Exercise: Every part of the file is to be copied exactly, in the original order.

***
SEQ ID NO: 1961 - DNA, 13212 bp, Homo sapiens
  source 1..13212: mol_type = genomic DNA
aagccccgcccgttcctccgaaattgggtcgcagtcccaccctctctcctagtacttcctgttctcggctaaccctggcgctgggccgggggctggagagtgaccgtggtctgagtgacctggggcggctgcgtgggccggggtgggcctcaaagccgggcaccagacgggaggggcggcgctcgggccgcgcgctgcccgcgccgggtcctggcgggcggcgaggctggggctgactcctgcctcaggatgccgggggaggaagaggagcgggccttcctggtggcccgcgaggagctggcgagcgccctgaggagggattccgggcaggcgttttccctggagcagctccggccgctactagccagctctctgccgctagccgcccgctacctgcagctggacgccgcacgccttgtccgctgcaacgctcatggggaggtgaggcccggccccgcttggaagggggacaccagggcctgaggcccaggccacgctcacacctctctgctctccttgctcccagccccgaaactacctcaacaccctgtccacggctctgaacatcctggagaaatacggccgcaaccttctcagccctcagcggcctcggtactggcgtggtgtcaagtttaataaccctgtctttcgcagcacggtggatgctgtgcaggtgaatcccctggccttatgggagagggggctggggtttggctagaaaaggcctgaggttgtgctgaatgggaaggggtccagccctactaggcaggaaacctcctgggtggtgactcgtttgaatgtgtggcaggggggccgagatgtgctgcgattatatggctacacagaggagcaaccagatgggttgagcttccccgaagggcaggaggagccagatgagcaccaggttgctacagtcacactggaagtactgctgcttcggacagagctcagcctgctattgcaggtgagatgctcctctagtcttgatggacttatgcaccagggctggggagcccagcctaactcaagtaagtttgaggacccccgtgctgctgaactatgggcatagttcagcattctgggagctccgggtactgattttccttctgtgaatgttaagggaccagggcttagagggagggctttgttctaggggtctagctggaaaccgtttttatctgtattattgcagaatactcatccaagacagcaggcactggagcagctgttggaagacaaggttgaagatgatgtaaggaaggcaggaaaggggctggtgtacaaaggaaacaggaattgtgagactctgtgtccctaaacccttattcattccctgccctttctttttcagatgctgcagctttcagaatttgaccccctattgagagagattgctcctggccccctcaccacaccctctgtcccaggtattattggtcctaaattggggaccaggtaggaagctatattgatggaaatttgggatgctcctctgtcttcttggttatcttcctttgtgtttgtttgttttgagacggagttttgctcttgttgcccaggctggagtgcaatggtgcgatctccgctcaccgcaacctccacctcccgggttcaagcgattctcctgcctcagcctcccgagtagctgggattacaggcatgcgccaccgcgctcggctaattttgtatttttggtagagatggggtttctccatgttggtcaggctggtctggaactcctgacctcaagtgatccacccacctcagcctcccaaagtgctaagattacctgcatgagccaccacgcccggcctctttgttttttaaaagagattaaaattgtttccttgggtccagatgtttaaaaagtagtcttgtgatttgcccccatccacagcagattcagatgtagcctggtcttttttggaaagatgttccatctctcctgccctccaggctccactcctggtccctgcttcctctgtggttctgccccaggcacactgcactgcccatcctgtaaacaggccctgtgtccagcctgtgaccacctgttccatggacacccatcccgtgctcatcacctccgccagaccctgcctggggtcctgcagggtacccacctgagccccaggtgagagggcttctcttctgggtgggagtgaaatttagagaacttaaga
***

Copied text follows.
SEQ ID NO: 1961 - DNA, 13212 bp, Homo sapiens
  source 1..13212: mol_type = genomic DNA
aagccccgcccgttcctccgaaattgggtcgcagtcccaccctctctcctagtacttcctgttctcggctaaccctggcgctgggccgggggctggagagtgaccgtggtctgagtgacctggggcggctgcgtgggccggggtgggcctcaaagccgggcaccagacgggaggggcggcgctcgggccgcgcgctgcccgcgccgggtcctggcgggcggcgaggctggggctgactcctgcctcaggatgccgggggaggaagaggagcgggccttcctggtggcccgcgaggagctggcgagcgccctgaggagggattccgggcaggcgttttccctggagcagctccggccgctactagccagctctctgccgctagccgcccgctacctgcagctggacgccgcacgccttgtccgctgcaacgctcatggggaggtgaggcccggccccgcttggaagggggacaccagggcctgaggcccaggccacgctcacacctctctgctctccttgctcccagccccgaaactacctcaacaccctgtccacggctctgaacatcctggagaaatacggccgcaaccttctcagccctcagcggcctcggtactggcgtggtgtcaagtttaataaccctgtctttcgcagcacggtggatgctgtgcaggtgaatcccctggccttatgggagagggggctggggtttggctagaaaaggcctgaggttgtgctgaatgggaaggggtccagccctactaggcaggaaacctcctgggtggtgactcgtttgaatgtgtggcaggggggccgagatgtgctgcgattatatggctacacagaggagcaaccagatgggttgagcttccccgaagggcaggaggagccagatgagcaccaggttgctacagtcacactggaagtactgctgcttcggacagagctcagcctgctattgcaggtgagatgctcctctagtcttgatggacttatgcaccagggctggggagcccagcctaactcaagtaagtttgaggacccccgtgctgctgaactatgggcatagttcagcattctgggagctccgggtactgattttccttctgtgaatgttaagggaccagggcttagagggagggctttgttctaggggtctagctggaaaccgtttttatctgtattattgcagaatactcatccaagacagcaggcactggagcagctgttggaagacaaggttgaagatgatgtaaggaaggcaggaaaggggctggtgtacaaaggaaacaggaattgtgagactctgtgtccctaaacccttattcattccctgccctttctttttcagatgctgcagctttcagaatttgaccccctattgagagagattgctcctggccccctcaccacaccctctgtcccaggtattattggtcctaaattggggaccaggtaggaagctatattgatggaaatttgggatgctcctctgtcttcttggttatcttcctttgtgtttgtttgttttgagacggagttttgctcttgttgcccaggctggagtgcaatggtgcgatctccgctcaccgcaacctccacctcccgggttcaagcgattctcctgcctcagcctcccgagtagctgggattacaggcatgcgccaccgcgctcggctaattttgtatttttggtagagatggggtttctccatgttggtcaggctggtctggaactcctgacctcaagtgatccacccacctcagcctcccaaagtgctaagattacctgcatgagccaccacgcccggcctctttgttttttaaaagagattaaaattgtttccttgggtccagatgtttaaaaagtagtcttgtgatttgcccccatccacagcagattcagatgtagcctggtcttttttggaaagatgttccatctctcctgccctccaggctccactcctggtccctgcttcctctgtggttctgccccaggcacactgcactgcccatcctgtaaacaggccctgtgtccagcctgtgaccacctgttccatggacacccatcccgtgctcatcacctccgccagaccctgcctggggtcctgcagggtacccacctgagccccaggtgagagggcttctcttctgggtgggagtgaaatttagagaacttaaga